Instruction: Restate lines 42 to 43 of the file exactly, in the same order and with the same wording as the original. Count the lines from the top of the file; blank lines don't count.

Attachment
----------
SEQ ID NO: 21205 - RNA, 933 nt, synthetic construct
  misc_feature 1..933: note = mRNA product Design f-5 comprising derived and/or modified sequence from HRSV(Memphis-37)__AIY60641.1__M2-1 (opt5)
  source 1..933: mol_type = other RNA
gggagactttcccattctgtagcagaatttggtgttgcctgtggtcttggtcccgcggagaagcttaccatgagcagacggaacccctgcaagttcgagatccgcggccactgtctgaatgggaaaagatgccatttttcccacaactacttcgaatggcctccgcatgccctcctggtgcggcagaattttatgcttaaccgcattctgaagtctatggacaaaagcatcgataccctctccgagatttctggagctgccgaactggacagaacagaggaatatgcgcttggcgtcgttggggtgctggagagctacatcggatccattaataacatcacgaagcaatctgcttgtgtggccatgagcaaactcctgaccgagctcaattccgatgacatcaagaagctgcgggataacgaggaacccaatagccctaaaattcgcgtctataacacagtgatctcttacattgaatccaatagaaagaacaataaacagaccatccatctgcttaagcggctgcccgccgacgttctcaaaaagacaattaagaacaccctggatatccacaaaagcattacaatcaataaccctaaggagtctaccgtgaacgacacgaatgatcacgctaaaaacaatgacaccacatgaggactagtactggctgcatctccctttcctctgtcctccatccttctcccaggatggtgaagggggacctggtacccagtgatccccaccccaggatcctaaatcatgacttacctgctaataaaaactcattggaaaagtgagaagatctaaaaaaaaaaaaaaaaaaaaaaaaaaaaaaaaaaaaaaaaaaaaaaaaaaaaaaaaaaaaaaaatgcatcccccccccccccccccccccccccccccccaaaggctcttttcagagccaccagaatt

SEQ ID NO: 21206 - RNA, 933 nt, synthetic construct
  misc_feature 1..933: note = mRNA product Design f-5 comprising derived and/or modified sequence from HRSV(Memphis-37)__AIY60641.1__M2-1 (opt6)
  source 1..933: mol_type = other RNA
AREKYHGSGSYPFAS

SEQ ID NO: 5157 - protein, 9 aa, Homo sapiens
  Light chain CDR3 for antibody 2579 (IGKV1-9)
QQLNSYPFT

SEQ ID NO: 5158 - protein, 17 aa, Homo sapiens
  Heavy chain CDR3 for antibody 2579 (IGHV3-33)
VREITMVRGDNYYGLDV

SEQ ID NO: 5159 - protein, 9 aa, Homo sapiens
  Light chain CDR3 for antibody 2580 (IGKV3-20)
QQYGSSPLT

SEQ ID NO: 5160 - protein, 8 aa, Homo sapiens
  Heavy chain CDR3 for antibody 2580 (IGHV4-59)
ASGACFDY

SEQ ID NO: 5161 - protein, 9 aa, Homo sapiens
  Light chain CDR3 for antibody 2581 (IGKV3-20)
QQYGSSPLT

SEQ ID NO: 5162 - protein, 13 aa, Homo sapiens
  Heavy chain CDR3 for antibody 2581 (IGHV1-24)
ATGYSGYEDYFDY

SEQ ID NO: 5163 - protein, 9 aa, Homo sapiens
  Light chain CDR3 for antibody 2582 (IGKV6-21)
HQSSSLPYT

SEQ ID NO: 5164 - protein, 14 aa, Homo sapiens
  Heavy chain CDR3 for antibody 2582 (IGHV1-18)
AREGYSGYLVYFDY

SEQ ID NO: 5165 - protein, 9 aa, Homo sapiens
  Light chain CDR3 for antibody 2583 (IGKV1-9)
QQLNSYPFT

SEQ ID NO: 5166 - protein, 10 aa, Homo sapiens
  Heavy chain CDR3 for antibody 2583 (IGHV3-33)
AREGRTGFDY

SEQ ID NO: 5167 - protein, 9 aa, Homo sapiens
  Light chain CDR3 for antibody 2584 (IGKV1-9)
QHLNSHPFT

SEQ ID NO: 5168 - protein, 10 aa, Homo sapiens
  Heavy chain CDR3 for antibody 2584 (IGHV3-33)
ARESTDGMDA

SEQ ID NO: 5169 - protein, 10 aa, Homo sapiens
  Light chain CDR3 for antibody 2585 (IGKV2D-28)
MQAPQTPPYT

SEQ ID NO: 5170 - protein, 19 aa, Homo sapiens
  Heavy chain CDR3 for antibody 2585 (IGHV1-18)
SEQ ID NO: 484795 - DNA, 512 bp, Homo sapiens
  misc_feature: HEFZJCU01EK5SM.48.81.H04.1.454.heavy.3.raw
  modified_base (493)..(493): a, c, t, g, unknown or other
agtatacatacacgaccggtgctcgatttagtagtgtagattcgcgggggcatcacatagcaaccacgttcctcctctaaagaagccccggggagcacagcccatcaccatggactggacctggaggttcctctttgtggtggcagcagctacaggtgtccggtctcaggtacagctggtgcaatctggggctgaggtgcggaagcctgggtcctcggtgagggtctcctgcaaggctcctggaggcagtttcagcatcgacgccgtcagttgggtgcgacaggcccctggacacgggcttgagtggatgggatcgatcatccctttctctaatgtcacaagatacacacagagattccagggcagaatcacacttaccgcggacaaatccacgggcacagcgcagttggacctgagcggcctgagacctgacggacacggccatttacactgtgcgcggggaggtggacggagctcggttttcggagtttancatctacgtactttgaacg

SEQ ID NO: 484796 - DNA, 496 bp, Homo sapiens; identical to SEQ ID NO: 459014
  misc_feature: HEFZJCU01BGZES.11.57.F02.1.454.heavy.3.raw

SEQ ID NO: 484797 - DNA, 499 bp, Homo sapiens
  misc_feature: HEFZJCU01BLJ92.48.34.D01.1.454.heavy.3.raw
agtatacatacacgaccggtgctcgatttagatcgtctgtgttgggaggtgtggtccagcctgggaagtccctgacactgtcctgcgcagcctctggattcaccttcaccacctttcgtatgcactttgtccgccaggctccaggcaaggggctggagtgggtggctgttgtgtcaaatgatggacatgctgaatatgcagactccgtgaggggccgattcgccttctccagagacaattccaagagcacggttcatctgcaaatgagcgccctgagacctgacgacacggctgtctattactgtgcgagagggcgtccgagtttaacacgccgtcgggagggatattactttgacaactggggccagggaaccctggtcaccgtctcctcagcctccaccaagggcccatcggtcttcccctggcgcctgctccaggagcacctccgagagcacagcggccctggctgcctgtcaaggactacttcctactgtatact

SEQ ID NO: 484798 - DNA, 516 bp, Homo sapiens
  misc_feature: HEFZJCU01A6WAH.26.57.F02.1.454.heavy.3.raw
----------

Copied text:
SEQ ID NO: 5168 - protein, 10 aa, Homo sapiens
  Heavy chain CDR3 for antibody 2584 (IGHV3-33)